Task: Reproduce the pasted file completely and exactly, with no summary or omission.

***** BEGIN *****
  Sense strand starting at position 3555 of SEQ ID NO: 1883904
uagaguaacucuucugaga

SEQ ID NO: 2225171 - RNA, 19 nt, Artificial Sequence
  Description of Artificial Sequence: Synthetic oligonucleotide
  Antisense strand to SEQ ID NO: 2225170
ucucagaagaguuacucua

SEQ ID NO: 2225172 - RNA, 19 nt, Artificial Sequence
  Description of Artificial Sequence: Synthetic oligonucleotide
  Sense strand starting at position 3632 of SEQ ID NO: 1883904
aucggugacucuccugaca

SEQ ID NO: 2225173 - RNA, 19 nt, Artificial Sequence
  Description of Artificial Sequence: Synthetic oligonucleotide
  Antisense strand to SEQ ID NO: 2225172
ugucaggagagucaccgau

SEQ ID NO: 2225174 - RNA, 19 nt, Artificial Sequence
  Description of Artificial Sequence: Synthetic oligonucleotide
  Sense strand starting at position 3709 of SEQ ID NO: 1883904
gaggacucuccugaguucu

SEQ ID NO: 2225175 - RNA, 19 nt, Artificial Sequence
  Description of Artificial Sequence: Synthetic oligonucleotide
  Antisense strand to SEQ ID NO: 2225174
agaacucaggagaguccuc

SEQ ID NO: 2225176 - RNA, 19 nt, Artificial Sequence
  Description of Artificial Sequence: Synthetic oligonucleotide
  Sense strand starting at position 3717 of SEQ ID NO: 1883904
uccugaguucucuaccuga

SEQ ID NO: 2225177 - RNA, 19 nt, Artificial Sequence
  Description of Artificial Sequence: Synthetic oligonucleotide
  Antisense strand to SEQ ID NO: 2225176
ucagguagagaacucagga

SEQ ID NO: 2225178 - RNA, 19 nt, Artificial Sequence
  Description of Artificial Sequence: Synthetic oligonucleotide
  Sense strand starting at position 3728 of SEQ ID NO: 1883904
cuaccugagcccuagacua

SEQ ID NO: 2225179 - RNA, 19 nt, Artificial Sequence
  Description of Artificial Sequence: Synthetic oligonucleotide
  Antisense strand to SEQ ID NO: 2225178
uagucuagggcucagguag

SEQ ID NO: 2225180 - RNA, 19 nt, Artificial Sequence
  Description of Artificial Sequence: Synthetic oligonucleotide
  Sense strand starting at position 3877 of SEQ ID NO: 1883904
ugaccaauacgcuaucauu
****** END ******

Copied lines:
  Sense strand starting at position 3555 of SEQ ID NO: 1883904
uagaguaacucuucugaga

SEQ ID NO: 2225171 - RNA, 19 nt, Artificial Sequence
  Description of Artificial Sequence: Synthetic oligonucleotide
  Antisense strand to SEQ ID NO: 2225170
ucucagaagaguuacucua

SEQ ID NO: 2225172 - RNA, 19 nt, Artificial Sequence
  Description of Artificial Sequence: Synthetic oligonucleotide
  Sense strand starting at position 3632 of SEQ ID NO: 1883904
aucggugacucuccugaca

SEQ ID NO: 2225173 - RNA, 19 nt, Artificial Sequence
  Description of Artificial Sequence: Synthetic oligonucleotide
  Antisense strand to SEQ ID NO: 2225172
ugucaggagagucaccgau

SEQ ID NO: 2225174 - RNA, 19 nt, Artificial Sequence
  Description of Artificial Sequence: Synthetic oligonucleotide
  Sense strand starting at position 3709 of SEQ ID NO: 1883904
gaggacucuccugaguucu

SEQ ID NO: 2225175 - RNA, 19 nt, Artificial Sequence
  Description of Artificial Sequence: Synthetic oligonucleotide
  Antisense strand to SEQ ID NO: 2225174
agaacucaggagaguccuc

SEQ ID NO: 2225176 - RNA, 19 nt, Artificial Sequence
  Description of Artificial Sequence: Synthetic oligonucleotide
  Sense strand starting at position 3717 of SEQ ID NO: 1883904
uccugaguucucuaccuga

SEQ ID NO: 2225177 - RNA, 19 nt, Artificial Sequence
  Description of Artificial Sequence: Synthetic oligonucleotide
  Antisense strand to SEQ ID NO: 2225176
ucagguagagaacucagga

SEQ ID NO: 2225178 - RNA, 19 nt, Artificial Sequence
  Description of Artificial Sequence: Synthetic oligonucleotide
  Sense strand starting at position 3728 of SEQ ID NO: 1883904
cuaccugagcccuagacua

SEQ ID NO: 2225179 - RNA, 19 nt, Artificial Sequence
  Description of Artificial Sequence: Synthetic oligonucleotide
  Antisense strand to SEQ ID NO: 2225178
uagucuagggcucagguag

SEQ ID NO: 2225180 - RNA, 19 nt, Artificial Sequence
  Description of Artificial Sequence: Synthetic oligonucleotide
  Sense strand starting at position 3877 of SEQ ID NO: 1883904
ugaccaauacgcuaucauu